Dental Health Through The Years | Starts With Pediatric Dentistry
Knowledge about the conditions that affect oral-health throughout the different stages of life can be beneficial to dental health. This article will cover some of these conditions and provide information useful to help maintain strong and healthy teeth.
Dental Health: Pregnancy and Children
By eating a variety of healthy foods and taking supplements such as calcium while pregnant, expectant mothers can effectively give children a solid head start to a set of healthy teeth. Folic-acid supplements decrease the risk of babies being born with conditions such as a cleft lip and palate. After the baby’s birth, it is recommended that, after feedings, parents wipe the infant’s gums using a soft, damp cloth. This good oral health practice helps prevent bacteria from building up. Once a child’s teeth come in, which is typically at about six months old, parents may use a soft-bristled children’s toothbrush twice each day to clean their child’s teeth and gum line, which is where decay develops.
Some dentists also recommend that a parent brush their children’s teeth for them until they reach six years of age to instill good habits and and healthy oral care routine. Children are unable to effectively brush their own teeth prior to this age. Parents can also begin to take children to a pediatric dentist around one year of age. Another important habit that is often overlooked by parents is to avoid giving children foods that are sweet and sticky. The American Academy of Family Physicians recommends alternate snacks such as fresh fruits and vegetables, or cheese and crackers, that are both tooth-friendly and better for the body and overall health in general.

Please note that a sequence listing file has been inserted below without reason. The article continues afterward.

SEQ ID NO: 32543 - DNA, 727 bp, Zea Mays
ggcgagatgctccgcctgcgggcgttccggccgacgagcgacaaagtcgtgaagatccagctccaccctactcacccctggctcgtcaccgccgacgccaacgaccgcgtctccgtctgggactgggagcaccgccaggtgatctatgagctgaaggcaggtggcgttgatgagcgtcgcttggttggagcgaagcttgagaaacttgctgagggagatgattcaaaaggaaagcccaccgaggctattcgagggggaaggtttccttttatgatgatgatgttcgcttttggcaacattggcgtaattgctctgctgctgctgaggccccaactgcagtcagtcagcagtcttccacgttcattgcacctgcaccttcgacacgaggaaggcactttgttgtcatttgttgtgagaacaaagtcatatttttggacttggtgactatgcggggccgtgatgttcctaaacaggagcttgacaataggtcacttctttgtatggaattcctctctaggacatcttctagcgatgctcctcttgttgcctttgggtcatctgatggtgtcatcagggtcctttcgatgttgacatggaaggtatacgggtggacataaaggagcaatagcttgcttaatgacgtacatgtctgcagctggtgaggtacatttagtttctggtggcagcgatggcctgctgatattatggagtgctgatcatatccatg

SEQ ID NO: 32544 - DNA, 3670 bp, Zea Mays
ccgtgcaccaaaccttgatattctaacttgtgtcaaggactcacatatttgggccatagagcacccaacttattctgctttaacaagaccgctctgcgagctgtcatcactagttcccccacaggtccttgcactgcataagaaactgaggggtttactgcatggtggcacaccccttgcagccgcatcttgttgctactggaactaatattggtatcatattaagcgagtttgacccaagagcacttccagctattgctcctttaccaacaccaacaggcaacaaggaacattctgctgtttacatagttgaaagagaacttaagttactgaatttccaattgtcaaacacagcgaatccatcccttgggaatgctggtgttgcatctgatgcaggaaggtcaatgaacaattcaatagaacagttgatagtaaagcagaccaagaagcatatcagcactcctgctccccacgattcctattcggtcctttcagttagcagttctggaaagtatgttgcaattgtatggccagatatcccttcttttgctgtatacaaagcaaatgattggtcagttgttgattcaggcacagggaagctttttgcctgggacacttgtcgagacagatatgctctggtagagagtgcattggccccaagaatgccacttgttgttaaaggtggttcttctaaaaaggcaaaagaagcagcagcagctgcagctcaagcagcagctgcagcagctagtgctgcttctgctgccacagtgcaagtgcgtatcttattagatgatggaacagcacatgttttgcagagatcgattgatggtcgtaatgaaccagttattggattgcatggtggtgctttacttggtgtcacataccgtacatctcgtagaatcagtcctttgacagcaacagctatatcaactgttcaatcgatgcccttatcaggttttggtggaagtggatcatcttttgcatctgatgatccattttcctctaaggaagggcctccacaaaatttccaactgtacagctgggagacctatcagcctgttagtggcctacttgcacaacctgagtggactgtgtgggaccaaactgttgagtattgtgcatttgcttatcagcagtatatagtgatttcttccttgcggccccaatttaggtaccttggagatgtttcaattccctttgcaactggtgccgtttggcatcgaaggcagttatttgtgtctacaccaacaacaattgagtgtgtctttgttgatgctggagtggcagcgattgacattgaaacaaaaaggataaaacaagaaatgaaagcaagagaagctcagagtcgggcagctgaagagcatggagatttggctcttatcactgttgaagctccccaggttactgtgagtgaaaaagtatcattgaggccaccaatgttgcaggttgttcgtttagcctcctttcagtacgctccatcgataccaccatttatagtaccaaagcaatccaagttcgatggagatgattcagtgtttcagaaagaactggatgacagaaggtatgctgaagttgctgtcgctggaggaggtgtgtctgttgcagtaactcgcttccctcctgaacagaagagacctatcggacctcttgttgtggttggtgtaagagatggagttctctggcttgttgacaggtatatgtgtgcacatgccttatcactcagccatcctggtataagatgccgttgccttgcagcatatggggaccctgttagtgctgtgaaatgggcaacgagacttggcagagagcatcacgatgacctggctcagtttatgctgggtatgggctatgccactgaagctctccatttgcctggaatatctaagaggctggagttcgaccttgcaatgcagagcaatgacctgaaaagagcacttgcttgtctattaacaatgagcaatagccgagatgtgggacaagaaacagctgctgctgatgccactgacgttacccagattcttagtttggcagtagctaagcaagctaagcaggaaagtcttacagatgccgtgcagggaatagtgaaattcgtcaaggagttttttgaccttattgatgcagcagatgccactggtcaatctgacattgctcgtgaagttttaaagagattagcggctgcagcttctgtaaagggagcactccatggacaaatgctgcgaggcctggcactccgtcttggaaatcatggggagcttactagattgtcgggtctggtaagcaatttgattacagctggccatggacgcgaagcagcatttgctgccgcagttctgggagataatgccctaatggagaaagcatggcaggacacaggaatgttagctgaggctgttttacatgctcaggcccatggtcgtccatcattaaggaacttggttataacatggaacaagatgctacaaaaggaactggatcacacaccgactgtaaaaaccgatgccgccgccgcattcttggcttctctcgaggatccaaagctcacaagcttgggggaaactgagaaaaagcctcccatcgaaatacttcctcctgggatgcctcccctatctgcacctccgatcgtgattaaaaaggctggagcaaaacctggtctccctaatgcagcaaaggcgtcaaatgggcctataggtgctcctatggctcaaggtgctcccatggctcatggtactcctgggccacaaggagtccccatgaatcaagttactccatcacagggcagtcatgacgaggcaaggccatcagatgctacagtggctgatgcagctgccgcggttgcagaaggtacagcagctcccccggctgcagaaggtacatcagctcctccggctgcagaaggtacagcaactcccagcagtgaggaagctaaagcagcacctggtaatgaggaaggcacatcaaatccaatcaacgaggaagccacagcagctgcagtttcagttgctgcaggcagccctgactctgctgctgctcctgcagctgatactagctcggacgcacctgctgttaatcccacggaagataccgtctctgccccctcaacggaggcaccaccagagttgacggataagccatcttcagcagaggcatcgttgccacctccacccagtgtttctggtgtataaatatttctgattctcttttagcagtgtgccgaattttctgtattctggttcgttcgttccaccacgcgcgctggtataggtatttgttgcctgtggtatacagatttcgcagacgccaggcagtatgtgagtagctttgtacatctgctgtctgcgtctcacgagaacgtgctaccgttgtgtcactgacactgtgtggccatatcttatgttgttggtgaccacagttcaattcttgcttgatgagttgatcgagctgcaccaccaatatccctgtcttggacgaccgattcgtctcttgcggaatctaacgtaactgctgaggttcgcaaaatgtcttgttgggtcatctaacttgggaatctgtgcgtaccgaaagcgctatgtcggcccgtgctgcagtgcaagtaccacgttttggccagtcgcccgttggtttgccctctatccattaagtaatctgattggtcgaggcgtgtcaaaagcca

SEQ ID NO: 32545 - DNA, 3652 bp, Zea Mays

Dental Health: Adults
Nearly one-third of adults in the USA have tooth decay that is untreated as reported by The Centers for Disease Control and Prevention. The most important aspect to proper treatment is early detection: tooth decay is often painless in the early stages and may only be noticed by a dental professional during a dental exam. Loss of bone around the teeth is a visible sign of periodontal disease and requires the intervention of a dentist.
Dental health risk factors are often tied to one’s overall health. People on high blood pressure or epilepsy medications or diabetic people should visit their dentist on a more routine basis. If you fall into one of these categories or have other medical conditions for which you take medication, talk to your dentist in regard to the recommended frequency of your checkups to best care for your teeth and gums.
Dental Health: Older Adults
More adults are keeping their natural teeth in their senior years even as people are living longer lives. Even with this trend, older adults still need to regularly visit the dentist, as they are at a higher risk of developing oral and throat cancers. Seniors also have an increased risk for problems such as the dry mouth and many may also be taking medications that can have adverse oral health effects. Even for those with dentures, it is still very important to visit the dentist regularly.
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